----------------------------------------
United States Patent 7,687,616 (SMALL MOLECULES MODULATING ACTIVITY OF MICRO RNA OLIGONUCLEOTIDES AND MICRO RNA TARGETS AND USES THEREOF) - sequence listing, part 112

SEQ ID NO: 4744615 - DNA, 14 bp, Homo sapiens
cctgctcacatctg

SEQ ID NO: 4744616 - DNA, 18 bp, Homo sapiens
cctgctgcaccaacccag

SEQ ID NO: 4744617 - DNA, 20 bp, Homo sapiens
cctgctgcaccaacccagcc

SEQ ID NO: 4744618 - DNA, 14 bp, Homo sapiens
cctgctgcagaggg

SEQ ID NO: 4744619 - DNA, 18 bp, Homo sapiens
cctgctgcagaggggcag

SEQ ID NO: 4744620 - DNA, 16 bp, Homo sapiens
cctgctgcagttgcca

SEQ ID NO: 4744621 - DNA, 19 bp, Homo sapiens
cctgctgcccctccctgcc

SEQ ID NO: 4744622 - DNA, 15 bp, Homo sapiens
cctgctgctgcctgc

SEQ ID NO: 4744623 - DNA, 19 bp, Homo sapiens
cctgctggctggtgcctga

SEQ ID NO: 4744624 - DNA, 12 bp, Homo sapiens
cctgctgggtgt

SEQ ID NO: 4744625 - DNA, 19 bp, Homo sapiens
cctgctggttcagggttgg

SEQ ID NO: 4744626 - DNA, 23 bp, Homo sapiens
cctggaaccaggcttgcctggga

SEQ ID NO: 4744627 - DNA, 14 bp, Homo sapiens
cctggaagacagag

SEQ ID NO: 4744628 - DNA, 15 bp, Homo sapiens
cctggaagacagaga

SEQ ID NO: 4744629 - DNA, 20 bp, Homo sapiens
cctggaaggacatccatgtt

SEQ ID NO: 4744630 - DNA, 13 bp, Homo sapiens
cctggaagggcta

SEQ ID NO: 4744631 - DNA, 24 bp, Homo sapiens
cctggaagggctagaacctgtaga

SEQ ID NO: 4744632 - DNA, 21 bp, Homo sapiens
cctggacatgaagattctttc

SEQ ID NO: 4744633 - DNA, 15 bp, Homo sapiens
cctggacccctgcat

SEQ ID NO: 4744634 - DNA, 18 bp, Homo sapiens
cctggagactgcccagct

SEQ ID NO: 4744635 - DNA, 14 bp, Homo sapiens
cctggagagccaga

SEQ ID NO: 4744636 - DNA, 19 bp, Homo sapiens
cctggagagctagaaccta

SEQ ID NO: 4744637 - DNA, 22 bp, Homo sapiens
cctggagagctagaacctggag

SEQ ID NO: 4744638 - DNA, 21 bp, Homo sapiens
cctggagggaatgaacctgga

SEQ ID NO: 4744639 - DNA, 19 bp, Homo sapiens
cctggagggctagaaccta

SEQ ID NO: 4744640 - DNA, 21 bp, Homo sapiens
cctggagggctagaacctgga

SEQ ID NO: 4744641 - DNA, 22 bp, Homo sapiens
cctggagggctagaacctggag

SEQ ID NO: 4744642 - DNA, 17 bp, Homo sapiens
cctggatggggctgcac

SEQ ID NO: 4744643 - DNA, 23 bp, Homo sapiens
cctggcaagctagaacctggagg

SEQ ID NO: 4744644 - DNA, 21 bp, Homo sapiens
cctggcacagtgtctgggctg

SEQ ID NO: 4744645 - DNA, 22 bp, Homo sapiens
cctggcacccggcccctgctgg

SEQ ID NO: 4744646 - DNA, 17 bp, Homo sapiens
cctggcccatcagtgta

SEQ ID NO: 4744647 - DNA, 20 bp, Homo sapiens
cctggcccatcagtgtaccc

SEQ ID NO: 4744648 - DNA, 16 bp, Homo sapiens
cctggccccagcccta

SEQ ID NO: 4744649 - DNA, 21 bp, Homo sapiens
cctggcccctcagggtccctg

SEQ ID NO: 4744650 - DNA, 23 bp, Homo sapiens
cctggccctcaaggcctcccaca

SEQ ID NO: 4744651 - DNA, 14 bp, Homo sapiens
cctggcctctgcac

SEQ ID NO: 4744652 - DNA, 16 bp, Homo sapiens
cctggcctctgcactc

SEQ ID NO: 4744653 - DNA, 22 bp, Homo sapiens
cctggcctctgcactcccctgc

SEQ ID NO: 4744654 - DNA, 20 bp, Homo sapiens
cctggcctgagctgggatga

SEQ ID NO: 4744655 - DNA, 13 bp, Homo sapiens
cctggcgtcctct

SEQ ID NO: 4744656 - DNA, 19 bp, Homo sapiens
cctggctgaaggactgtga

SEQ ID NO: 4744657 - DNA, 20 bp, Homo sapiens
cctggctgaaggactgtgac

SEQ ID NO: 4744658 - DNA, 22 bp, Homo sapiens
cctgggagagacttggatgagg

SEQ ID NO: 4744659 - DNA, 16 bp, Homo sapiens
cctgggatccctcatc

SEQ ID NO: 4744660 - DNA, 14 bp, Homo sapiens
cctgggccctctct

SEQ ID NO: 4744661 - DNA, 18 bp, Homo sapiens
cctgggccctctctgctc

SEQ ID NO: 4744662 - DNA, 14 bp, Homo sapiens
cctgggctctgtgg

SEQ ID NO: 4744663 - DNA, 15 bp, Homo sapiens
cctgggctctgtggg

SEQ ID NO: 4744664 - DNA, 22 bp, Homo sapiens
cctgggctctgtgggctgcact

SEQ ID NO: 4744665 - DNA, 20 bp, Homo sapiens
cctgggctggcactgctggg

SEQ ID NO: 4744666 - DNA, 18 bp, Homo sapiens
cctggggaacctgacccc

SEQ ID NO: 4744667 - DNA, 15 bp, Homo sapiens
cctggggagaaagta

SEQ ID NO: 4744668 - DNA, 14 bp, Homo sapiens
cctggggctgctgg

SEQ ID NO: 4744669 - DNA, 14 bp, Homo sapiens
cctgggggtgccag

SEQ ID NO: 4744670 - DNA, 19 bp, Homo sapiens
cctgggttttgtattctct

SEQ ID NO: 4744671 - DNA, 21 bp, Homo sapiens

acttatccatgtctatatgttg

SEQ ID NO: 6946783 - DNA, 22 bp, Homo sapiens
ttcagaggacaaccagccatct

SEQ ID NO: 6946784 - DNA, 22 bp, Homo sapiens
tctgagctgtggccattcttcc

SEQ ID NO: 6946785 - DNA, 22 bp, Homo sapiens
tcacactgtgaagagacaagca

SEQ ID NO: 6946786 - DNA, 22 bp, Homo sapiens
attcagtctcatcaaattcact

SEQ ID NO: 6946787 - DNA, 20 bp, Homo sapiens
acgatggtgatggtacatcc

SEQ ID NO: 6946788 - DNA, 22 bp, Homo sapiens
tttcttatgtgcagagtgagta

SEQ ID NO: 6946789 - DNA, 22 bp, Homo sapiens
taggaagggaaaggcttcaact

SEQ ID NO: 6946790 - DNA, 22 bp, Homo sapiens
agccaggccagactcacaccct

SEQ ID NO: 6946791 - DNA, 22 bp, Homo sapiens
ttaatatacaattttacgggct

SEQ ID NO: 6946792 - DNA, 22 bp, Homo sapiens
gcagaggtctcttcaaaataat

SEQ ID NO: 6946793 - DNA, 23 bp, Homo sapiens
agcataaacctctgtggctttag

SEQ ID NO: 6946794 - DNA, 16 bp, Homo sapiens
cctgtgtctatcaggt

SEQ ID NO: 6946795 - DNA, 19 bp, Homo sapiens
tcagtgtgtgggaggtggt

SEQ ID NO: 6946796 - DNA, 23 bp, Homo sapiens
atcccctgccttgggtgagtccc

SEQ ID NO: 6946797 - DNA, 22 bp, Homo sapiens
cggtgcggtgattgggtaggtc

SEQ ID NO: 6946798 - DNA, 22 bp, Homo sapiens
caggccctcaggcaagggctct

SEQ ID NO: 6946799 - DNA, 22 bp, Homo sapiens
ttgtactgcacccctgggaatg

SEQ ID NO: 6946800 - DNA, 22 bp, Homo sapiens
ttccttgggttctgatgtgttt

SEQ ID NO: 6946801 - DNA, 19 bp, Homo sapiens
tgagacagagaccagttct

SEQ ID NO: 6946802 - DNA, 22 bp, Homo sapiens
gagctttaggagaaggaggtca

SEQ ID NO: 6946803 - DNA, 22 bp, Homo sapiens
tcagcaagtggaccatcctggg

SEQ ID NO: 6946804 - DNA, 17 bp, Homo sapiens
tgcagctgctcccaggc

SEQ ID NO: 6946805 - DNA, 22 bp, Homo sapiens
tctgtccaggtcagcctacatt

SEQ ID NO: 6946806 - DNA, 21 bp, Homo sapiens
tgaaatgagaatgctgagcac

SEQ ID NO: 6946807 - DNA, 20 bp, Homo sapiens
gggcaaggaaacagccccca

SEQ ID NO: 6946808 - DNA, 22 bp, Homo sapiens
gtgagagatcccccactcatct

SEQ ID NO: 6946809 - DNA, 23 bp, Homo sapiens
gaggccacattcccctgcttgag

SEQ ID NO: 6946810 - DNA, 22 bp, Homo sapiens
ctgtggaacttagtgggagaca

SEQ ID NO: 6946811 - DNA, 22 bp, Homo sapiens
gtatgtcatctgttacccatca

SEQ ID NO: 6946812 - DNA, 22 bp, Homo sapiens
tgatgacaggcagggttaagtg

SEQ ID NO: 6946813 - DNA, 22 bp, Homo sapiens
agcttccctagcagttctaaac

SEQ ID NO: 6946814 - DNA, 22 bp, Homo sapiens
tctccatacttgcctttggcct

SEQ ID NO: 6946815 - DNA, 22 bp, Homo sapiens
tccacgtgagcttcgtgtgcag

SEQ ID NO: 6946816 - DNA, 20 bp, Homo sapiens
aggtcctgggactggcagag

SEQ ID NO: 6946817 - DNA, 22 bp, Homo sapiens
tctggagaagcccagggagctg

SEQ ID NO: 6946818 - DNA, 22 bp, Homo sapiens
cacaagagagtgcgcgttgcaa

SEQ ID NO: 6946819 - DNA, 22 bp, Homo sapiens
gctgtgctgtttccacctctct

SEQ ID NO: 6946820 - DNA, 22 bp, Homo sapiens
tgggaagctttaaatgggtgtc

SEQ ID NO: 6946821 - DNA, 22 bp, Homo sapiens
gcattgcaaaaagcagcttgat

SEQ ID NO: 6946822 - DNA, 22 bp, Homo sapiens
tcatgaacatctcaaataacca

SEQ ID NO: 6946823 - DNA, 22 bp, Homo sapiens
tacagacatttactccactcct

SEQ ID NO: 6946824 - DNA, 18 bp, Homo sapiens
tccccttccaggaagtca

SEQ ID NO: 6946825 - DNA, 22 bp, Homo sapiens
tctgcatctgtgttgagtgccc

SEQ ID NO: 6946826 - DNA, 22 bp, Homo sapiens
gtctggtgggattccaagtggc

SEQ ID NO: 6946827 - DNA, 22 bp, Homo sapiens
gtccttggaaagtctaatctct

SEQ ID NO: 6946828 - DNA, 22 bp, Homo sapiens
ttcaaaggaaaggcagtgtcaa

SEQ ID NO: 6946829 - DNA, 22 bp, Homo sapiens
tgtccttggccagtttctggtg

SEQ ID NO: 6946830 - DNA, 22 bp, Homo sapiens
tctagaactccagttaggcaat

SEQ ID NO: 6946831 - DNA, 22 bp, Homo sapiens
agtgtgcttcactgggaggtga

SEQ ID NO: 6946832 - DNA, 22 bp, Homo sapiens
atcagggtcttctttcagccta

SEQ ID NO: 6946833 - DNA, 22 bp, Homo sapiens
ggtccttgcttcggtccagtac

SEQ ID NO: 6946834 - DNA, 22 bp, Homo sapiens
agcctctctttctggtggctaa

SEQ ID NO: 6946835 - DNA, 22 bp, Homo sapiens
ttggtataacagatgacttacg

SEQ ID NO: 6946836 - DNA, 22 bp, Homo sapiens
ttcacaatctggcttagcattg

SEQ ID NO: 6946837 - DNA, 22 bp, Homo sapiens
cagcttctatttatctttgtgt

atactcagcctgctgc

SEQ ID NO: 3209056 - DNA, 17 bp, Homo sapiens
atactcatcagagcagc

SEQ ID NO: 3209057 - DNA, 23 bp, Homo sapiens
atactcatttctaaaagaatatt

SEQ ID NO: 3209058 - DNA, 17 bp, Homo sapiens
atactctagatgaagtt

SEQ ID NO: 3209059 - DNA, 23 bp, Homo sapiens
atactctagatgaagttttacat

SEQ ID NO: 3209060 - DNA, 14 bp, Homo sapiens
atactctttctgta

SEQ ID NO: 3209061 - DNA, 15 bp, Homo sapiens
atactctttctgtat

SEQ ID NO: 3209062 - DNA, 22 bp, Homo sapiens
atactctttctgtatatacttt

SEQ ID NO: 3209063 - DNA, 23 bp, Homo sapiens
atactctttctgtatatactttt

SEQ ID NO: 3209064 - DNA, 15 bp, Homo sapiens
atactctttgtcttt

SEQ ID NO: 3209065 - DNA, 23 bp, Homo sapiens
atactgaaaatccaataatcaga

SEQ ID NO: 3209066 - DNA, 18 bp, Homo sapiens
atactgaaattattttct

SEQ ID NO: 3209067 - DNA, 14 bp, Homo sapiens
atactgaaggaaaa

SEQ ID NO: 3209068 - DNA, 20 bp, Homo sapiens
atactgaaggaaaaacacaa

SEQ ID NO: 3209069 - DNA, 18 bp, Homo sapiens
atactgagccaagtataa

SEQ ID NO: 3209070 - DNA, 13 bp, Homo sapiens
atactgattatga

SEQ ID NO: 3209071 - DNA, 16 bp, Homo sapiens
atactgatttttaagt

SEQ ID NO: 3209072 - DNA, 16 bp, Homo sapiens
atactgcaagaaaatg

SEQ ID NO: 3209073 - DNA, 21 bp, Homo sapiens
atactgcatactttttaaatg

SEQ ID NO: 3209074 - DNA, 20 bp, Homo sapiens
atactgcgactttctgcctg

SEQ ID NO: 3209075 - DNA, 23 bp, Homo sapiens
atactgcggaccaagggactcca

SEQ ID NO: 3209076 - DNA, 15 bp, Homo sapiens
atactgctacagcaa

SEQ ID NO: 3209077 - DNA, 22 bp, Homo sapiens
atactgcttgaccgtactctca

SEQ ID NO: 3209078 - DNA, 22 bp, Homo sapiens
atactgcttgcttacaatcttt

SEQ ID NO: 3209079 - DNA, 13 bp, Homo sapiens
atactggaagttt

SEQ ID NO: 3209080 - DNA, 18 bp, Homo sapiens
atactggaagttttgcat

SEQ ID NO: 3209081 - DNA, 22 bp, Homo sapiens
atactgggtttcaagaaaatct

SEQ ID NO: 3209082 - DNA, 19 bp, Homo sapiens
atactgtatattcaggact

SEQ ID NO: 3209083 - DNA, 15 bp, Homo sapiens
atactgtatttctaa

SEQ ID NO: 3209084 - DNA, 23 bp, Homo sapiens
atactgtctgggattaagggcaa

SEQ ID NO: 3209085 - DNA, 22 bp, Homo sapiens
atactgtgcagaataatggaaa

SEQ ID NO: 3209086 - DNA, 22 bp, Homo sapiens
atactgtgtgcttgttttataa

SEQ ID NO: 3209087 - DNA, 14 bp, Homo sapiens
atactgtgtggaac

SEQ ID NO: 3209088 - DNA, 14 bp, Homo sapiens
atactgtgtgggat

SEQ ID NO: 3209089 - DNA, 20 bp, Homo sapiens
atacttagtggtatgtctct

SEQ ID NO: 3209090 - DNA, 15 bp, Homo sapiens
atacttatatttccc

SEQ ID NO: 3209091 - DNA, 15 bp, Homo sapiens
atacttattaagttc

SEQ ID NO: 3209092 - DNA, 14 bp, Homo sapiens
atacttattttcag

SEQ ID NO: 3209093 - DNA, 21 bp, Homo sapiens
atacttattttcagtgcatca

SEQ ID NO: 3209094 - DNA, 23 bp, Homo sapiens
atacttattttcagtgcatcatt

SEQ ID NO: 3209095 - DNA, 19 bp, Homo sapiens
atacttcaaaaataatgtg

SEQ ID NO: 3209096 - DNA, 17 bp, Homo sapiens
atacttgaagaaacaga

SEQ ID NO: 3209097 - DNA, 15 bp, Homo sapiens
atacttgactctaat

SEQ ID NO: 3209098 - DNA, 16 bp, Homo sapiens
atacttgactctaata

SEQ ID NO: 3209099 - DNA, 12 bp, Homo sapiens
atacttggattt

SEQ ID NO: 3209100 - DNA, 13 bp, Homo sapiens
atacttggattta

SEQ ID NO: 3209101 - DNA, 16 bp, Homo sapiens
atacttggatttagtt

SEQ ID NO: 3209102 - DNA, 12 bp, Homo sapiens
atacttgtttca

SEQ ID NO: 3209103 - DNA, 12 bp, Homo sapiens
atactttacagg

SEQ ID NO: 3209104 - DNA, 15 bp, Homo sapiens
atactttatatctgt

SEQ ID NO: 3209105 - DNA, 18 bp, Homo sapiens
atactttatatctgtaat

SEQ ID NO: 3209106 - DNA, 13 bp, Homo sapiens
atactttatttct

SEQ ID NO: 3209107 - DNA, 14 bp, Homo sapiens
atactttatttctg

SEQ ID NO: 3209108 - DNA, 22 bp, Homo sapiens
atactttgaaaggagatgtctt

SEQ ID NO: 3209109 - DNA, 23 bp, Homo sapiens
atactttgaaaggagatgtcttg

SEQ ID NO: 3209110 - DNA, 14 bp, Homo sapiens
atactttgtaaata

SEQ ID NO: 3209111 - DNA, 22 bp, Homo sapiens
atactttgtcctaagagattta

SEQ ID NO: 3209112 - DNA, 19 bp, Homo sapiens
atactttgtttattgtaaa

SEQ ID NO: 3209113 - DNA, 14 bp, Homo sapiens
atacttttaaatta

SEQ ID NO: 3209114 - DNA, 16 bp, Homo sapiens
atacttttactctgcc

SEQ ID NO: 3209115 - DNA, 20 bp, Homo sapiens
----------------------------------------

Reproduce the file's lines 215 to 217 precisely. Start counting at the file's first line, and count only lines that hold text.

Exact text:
atcagggtcttctttcagccta

SEQ ID NO: 6946833 - DNA, 22 bp, Homo sapiens
ggtccttgcttcggtccagtac